Usage: Polish (Rare), English (Rare), Literature
Pronounced: Ka-trin-ka(Polish, English) kah-treenk-a(Polish, English)
Personal remark: KT
Kelis
Gender: Feminine
Usage: African American (Rare)
Possibly a combination of Kelly and Alexis. This name was born american singer Kelis (1979-).
Kenesha
Gender: Feminine
Usage: African American (Rare)
Pronounced: kehn-EE-shə
Variant of Kenisha.
Ketsia
Gender: Feminine
Usage: Biblical French, French (Modern), French (Belgian, Rare)
French variant of Kezia.
Kiel
Gender: Masculine
Usage: English (American)
Pronounced: Key-el(American English) KEEL(American English)
Sometimes a nickname for Ezekiel. Also is a German word meaning "keel (of a boat)", a surname, and the name of a city which is sometimes used as a given name.

The name Kiel came into more popular use to to the actor Kiel Martin.

King
Gender: Masculine
Usage: English
Pronounced: KING
From the English vocabulary word king, ultimately derived from Old English cyning. This was also a surname, derived from the same source, a famous bearer being the American civil rights leader Martin Luther King Jr. (1929-1968).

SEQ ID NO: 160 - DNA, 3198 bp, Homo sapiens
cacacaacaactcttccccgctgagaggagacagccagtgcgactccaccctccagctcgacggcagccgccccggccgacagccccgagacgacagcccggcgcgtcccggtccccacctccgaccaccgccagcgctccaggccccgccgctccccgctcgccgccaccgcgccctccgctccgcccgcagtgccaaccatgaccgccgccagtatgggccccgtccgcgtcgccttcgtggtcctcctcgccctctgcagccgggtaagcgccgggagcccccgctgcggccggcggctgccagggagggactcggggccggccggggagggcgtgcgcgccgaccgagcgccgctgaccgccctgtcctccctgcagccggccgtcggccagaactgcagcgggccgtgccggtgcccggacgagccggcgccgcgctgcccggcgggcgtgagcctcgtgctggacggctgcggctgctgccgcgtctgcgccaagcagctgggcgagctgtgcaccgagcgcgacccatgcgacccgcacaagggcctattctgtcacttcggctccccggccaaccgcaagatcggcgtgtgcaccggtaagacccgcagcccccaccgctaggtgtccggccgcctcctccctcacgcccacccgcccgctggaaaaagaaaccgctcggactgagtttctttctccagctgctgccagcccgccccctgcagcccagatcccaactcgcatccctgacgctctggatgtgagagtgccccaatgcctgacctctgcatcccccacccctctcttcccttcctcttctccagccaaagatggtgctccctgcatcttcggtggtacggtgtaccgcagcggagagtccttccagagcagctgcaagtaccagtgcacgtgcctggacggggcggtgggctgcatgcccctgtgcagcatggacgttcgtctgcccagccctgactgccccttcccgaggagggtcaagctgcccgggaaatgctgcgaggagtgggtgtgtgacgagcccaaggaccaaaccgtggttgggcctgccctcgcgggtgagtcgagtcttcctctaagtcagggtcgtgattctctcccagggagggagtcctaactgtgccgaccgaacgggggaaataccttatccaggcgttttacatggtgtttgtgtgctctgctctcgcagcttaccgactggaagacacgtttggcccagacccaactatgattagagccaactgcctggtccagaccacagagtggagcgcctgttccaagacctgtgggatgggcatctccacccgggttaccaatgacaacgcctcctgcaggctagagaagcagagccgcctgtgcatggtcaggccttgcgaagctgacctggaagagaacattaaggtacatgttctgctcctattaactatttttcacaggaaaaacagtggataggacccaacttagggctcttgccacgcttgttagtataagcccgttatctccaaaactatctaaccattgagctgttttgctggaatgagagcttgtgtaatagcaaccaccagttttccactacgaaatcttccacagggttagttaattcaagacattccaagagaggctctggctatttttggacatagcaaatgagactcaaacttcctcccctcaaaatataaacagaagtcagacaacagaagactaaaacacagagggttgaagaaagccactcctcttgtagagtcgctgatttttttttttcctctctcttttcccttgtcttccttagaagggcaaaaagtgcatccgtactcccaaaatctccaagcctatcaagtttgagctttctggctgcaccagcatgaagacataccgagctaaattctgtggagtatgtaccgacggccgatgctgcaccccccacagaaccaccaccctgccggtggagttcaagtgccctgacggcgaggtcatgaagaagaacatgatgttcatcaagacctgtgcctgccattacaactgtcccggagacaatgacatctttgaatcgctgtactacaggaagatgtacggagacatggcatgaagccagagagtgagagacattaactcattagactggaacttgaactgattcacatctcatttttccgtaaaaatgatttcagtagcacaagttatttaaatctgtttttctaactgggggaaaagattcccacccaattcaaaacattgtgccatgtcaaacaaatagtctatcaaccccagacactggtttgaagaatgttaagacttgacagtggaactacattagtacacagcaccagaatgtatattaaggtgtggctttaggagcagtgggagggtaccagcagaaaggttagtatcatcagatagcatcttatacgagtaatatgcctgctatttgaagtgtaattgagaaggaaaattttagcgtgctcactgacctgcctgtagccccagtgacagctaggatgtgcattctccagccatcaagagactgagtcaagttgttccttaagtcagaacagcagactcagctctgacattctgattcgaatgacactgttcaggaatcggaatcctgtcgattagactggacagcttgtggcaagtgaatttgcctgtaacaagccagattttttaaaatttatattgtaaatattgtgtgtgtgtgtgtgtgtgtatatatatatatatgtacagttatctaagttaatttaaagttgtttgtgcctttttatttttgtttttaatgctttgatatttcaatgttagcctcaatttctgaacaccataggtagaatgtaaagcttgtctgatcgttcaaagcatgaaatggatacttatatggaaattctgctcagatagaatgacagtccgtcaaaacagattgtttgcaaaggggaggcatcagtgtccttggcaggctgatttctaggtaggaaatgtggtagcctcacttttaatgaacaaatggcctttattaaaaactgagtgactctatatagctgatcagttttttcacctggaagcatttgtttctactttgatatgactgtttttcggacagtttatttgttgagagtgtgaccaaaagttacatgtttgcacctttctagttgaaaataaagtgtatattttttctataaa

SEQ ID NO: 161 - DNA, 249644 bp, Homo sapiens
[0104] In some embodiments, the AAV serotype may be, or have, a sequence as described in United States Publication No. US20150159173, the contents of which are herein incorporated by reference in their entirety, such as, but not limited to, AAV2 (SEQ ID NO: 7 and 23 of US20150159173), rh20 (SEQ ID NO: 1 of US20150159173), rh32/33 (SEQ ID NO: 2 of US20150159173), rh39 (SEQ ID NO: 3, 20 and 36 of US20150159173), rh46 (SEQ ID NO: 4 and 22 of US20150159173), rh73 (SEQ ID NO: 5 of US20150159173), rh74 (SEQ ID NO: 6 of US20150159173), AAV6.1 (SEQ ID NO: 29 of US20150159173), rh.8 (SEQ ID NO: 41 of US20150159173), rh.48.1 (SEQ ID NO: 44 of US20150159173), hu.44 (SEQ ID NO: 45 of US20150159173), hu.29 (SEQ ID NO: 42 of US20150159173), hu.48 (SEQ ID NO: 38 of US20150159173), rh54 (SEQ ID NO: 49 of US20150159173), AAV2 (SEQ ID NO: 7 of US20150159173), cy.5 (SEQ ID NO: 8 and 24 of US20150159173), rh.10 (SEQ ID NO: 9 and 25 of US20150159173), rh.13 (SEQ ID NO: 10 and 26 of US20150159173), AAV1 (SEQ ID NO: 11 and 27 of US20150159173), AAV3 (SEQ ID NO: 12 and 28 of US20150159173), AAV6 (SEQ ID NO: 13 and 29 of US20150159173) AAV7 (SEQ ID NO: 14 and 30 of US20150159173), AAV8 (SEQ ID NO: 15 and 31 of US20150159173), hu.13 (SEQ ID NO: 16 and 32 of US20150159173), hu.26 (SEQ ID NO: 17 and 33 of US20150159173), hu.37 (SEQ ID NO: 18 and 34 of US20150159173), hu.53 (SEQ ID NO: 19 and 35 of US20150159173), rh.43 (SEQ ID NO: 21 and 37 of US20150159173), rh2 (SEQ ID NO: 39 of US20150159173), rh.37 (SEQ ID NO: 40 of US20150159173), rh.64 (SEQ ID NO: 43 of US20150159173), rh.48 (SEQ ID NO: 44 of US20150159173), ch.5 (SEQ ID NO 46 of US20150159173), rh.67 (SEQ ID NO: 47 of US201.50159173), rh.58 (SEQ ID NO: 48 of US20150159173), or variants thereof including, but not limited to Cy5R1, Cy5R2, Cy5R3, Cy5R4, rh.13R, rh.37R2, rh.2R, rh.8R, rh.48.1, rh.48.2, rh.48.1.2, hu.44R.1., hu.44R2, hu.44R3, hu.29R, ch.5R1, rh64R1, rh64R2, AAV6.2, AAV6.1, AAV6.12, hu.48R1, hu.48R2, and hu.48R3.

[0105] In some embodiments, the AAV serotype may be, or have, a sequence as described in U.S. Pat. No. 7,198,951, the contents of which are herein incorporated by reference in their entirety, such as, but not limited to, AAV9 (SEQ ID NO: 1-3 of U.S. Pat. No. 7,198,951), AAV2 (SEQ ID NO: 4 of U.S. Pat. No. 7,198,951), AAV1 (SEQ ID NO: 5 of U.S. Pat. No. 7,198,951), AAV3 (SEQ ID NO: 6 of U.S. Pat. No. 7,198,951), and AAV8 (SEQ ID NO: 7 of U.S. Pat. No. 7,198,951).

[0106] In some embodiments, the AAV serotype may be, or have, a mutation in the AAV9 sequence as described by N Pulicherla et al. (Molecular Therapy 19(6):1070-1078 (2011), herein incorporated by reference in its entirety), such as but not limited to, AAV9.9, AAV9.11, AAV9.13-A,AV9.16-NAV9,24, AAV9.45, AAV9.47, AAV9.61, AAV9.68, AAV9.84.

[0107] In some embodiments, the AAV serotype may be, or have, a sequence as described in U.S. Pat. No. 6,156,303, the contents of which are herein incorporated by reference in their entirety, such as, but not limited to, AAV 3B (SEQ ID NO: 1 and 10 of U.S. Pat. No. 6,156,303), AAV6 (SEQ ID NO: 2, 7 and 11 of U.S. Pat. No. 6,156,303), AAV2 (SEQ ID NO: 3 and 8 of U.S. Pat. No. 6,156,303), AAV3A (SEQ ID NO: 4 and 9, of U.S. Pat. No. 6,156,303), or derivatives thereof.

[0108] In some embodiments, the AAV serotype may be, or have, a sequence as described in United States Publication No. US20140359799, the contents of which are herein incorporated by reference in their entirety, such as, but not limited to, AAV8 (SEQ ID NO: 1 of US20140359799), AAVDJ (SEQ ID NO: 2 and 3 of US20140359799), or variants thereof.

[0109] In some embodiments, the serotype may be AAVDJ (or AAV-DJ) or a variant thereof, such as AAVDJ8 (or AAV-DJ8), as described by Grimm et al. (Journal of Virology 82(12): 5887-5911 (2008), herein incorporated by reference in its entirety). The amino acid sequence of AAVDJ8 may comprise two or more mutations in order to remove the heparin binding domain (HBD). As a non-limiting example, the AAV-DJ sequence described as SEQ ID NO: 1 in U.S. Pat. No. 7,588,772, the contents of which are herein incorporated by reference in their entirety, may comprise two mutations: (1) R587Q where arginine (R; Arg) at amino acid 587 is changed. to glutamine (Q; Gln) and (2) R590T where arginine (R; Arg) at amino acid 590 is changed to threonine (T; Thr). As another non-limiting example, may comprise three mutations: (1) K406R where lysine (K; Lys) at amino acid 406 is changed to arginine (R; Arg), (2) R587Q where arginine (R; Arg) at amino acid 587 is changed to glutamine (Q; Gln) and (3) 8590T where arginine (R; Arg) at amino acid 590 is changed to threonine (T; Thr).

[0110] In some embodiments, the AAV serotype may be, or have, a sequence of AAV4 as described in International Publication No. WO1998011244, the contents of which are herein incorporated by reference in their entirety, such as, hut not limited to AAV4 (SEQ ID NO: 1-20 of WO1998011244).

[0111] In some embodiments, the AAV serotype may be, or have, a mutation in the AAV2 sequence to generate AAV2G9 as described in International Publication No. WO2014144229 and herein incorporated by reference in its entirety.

Kobe 1
Gender: Masculine
Usage: Flemish
Dutch (Flemish) diminutive of Jakob.
Konstantinos
Gender: Masculine
Usage: Greek
Other Scripts: Κωνσταντίνος(Greek)
Pronounced: kon-stan-DEE-nos
Greek form of Constantinus (see Constantine).
Kymani
Gender: Masculine
Usage: African American (Modern, Rare)
Pronounced: ky-mani
Likely an invented name, possibly a combination of Kyle and Imani.
Kyria
Gender: Feminine
Usage: English (Rare), Swiss
Personal remark: Kyria Lumiere
Variant of Cyria.
Lami'ah
Gender: Feminine
Usage: Arabic
Other Scripts: لامعة(Arabic)
Personal remark: La'Miah
Variant transcription of Lamia 1.
Lamont
Gender: Masculine
Usage: English, African American
Pronounced: lə-MAWNT(English) LAM-unt(English)
From a Scottish surname that was derived from the medieval Gaelic given name Lagmann, itself from Old Norse lǫgmaðr meaning "law man". This name reached a peak in its American popularity in 1972, the same year that the sitcom Sanford and Son debuted, featuring the character Lamont Sanford (the titular son).
Laniece
Gender: Feminine
Usage: English (Australian, Modern, Rare), African American (Modern, Rare)
Pronounced: la-nees(Australian English)
Personal remark: LaNiece
Laniya
Gender: Feminine
Usage: African American
Pronounced: LA-NI-YA
Latanya
Gender: Feminine
Usage: African American
Combination of the popular prefix la with the name Tanya. It can be spelled LaTanya or Latanya.
Latricia
Gender: Feminine
Usage: African American (Modern)
Pronounced: lə-TRISH-ə, lə-TREE-shə
An invented name, most likely blending Latisha and Patricia. See also Latrice.
Laurette
Gender: Feminine
Usage: French
Pronounced: LAW-REHT
French diminutive of Laura.
Leighton